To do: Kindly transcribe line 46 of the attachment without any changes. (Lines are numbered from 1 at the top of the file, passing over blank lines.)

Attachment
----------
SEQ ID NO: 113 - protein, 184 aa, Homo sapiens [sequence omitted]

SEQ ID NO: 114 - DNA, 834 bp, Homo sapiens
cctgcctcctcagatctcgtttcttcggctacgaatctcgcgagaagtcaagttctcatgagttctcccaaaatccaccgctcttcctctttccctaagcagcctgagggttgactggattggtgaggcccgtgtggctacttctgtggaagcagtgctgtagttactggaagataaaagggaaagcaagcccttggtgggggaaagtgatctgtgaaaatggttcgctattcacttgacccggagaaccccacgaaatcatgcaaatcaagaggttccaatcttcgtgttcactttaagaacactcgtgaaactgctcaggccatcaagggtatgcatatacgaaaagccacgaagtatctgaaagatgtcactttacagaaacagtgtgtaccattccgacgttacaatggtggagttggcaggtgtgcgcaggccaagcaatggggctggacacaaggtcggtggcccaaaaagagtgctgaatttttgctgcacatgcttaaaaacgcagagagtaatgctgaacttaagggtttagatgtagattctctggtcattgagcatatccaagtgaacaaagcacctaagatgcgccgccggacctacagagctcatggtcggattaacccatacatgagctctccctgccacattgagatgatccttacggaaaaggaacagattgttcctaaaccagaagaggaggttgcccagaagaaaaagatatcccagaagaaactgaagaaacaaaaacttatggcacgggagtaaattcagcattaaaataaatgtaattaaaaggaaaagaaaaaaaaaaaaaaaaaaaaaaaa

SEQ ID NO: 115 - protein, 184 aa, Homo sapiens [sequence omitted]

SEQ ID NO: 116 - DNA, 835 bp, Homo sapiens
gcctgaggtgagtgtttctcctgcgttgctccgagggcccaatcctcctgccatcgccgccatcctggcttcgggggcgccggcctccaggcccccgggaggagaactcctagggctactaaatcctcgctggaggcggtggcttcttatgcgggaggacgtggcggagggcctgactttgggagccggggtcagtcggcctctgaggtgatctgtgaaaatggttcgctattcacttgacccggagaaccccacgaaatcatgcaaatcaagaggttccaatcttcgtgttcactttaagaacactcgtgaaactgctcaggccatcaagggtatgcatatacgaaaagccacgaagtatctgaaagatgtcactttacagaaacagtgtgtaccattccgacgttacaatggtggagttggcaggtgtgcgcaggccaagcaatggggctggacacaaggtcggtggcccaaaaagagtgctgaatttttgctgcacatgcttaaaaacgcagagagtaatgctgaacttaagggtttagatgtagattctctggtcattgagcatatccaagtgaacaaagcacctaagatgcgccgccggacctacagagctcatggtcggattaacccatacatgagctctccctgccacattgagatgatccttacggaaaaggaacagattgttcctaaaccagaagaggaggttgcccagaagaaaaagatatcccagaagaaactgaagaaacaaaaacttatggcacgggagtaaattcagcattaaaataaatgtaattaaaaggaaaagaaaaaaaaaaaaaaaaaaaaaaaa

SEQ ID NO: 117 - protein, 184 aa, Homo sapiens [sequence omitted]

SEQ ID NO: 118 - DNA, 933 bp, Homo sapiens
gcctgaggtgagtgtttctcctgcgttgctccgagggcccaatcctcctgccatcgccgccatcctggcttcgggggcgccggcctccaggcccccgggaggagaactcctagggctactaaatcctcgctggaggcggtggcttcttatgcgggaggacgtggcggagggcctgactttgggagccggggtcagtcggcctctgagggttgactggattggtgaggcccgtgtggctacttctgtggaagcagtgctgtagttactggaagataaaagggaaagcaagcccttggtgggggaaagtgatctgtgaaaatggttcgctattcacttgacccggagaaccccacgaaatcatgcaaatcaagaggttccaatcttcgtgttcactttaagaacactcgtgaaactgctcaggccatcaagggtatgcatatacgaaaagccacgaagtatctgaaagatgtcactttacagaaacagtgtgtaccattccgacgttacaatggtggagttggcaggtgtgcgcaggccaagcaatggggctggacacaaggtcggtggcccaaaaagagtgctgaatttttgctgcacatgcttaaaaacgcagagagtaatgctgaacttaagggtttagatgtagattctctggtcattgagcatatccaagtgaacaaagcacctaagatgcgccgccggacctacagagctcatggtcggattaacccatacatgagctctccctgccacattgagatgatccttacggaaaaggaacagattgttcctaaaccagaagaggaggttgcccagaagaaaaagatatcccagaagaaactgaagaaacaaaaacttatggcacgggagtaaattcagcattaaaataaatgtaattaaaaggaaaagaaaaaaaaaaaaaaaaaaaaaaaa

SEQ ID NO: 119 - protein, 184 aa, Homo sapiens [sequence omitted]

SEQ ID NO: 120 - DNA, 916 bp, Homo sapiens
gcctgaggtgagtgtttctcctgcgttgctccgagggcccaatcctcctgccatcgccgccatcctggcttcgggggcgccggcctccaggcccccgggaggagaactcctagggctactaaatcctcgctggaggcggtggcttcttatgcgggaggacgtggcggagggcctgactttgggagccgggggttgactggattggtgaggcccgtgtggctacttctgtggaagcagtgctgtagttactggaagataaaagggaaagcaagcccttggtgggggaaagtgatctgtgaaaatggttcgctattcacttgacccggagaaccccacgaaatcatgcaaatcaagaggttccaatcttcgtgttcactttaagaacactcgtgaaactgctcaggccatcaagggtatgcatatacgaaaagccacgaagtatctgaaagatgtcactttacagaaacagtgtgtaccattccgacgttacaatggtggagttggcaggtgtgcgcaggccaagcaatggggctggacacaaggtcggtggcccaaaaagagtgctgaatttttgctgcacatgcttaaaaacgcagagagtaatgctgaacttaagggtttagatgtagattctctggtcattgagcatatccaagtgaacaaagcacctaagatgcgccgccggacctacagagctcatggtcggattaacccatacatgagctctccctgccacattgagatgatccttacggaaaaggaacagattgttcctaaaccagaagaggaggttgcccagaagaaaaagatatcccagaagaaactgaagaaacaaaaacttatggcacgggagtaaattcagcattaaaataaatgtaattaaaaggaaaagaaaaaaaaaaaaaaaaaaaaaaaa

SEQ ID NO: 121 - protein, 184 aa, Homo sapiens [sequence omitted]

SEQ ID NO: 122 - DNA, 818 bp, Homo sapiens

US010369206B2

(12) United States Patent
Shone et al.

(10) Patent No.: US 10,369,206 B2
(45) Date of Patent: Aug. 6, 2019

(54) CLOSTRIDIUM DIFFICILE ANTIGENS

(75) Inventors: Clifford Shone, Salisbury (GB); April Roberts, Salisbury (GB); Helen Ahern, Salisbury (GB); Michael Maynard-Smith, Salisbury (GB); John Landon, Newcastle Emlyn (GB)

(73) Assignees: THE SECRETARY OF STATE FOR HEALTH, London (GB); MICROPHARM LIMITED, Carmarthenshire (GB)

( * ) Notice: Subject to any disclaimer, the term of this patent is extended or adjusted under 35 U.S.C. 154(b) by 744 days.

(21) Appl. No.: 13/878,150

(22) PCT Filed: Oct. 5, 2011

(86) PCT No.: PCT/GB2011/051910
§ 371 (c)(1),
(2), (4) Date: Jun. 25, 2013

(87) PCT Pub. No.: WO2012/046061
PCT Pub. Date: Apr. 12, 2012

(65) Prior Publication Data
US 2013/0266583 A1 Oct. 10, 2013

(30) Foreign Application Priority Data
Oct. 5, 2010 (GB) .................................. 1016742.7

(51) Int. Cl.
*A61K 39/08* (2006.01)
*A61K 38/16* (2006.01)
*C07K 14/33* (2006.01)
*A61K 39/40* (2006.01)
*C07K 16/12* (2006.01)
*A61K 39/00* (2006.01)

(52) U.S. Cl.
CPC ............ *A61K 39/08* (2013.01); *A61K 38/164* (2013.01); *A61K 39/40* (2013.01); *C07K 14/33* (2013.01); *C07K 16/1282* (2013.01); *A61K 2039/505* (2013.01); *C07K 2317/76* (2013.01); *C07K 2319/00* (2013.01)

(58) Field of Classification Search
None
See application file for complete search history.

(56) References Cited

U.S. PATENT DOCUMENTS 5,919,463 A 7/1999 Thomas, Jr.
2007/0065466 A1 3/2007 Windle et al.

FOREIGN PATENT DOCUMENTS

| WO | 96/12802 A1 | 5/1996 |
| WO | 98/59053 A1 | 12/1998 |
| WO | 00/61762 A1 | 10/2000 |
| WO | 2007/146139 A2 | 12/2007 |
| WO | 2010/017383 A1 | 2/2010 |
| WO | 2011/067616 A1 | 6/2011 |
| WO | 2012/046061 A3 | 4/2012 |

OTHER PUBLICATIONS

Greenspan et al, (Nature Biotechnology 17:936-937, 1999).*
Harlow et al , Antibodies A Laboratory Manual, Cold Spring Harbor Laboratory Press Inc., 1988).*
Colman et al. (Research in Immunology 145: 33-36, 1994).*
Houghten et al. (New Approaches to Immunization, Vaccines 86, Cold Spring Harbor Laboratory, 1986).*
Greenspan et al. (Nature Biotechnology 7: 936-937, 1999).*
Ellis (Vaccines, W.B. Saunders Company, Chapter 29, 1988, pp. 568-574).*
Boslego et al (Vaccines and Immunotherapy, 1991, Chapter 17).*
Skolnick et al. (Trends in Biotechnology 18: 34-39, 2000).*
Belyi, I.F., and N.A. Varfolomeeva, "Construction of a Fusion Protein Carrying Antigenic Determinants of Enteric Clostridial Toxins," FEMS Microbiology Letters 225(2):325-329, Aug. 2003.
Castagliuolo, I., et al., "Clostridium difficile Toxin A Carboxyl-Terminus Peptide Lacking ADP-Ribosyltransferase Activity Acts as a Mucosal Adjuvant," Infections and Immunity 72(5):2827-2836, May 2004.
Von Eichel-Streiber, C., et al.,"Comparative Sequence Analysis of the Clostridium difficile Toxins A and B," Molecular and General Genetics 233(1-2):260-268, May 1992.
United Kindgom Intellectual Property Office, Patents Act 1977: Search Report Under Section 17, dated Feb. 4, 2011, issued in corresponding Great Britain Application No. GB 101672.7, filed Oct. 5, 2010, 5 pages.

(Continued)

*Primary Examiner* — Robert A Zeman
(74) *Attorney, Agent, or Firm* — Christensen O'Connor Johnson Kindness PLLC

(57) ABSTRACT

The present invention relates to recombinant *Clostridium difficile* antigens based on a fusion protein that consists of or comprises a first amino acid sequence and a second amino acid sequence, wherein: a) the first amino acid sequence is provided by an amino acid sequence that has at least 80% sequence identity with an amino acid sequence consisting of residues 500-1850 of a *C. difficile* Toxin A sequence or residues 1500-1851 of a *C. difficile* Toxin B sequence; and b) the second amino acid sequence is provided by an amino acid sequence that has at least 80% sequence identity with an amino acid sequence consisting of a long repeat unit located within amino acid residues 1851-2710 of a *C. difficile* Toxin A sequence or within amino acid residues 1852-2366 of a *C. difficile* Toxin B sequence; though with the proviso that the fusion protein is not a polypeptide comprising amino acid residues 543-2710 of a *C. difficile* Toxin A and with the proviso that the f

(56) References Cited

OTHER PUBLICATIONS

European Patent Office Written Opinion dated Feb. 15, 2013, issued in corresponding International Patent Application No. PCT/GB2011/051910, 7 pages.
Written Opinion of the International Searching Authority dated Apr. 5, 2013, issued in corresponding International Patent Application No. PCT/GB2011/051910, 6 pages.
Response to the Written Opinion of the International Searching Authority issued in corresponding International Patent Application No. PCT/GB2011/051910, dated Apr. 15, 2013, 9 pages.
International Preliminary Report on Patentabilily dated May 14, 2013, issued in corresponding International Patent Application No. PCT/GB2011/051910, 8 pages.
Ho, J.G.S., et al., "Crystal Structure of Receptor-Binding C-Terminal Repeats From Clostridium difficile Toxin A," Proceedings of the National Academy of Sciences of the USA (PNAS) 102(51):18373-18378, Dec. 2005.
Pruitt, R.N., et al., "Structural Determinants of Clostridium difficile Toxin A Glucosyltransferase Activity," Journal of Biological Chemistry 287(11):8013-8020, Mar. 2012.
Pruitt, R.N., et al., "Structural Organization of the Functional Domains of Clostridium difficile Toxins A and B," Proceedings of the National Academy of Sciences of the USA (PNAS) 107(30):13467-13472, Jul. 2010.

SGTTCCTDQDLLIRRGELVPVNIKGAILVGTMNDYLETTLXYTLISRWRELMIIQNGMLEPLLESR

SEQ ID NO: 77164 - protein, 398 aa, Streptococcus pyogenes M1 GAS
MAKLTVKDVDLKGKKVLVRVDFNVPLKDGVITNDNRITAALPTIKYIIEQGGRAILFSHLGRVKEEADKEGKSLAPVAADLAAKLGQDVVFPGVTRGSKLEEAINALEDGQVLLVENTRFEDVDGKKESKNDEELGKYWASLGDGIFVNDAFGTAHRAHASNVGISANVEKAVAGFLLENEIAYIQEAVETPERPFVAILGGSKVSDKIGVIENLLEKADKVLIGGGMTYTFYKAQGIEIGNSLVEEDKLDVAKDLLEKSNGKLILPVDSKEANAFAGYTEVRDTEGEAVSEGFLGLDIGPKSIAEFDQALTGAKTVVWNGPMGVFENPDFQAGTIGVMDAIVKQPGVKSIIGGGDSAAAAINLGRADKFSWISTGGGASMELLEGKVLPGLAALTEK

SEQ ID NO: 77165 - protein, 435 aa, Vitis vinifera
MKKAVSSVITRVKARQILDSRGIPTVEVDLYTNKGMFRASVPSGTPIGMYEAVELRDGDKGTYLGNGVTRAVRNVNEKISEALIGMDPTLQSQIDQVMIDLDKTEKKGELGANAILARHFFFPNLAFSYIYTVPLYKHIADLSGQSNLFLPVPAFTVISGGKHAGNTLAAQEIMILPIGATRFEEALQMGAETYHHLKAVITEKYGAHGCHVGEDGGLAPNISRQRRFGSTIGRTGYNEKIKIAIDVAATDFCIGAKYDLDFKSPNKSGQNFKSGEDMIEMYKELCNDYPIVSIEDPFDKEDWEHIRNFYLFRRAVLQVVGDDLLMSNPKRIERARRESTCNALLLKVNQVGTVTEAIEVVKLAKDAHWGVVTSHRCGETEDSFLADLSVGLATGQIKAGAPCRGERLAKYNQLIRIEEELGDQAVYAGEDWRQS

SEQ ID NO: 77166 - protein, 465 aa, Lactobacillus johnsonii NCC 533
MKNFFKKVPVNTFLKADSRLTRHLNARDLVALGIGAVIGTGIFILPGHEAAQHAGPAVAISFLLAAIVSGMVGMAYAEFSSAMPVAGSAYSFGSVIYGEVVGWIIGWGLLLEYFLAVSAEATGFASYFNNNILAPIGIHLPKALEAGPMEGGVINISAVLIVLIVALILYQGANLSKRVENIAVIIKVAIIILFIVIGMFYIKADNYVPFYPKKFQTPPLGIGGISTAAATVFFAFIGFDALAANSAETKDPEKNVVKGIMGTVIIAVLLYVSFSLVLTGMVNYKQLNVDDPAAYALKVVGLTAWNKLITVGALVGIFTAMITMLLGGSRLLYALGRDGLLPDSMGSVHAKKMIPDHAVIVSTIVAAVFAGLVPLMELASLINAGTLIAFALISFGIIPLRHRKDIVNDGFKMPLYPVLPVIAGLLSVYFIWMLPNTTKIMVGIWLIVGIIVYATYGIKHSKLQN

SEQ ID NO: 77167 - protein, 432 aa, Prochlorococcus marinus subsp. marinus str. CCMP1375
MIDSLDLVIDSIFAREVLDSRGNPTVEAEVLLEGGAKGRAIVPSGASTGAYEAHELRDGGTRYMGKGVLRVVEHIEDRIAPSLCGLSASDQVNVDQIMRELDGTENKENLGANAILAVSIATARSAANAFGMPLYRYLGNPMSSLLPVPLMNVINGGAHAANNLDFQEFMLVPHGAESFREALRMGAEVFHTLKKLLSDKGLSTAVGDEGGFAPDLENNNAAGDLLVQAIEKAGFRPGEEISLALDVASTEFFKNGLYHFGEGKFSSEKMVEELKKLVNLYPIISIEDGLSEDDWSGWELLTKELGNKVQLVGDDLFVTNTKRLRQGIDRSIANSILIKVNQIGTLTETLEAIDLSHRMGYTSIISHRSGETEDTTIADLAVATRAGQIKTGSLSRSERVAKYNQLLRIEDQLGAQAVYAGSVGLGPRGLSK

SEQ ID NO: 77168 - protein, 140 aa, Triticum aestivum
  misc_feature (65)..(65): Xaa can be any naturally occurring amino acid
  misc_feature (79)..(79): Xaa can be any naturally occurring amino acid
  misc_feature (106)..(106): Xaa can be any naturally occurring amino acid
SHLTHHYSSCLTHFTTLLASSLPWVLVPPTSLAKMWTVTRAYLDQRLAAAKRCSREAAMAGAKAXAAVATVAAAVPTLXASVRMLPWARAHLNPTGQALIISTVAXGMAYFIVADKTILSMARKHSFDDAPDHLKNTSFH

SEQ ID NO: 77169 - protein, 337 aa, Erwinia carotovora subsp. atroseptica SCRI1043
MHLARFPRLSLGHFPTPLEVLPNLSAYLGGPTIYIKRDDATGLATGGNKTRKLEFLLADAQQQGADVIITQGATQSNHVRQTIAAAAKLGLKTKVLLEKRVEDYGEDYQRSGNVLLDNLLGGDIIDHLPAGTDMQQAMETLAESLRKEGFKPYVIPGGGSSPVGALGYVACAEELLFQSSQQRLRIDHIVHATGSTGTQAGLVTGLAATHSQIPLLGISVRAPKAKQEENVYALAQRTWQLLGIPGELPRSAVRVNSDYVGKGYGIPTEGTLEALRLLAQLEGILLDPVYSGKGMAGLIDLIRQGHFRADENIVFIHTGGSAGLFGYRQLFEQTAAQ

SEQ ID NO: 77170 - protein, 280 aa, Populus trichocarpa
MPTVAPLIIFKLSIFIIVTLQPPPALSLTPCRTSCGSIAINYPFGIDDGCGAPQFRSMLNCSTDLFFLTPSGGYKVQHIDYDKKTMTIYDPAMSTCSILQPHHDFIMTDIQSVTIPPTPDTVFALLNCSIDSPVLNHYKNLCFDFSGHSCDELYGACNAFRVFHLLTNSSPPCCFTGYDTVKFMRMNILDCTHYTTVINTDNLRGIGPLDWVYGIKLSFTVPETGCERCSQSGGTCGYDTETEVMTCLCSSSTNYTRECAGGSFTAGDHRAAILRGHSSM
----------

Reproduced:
See application file for complete search history.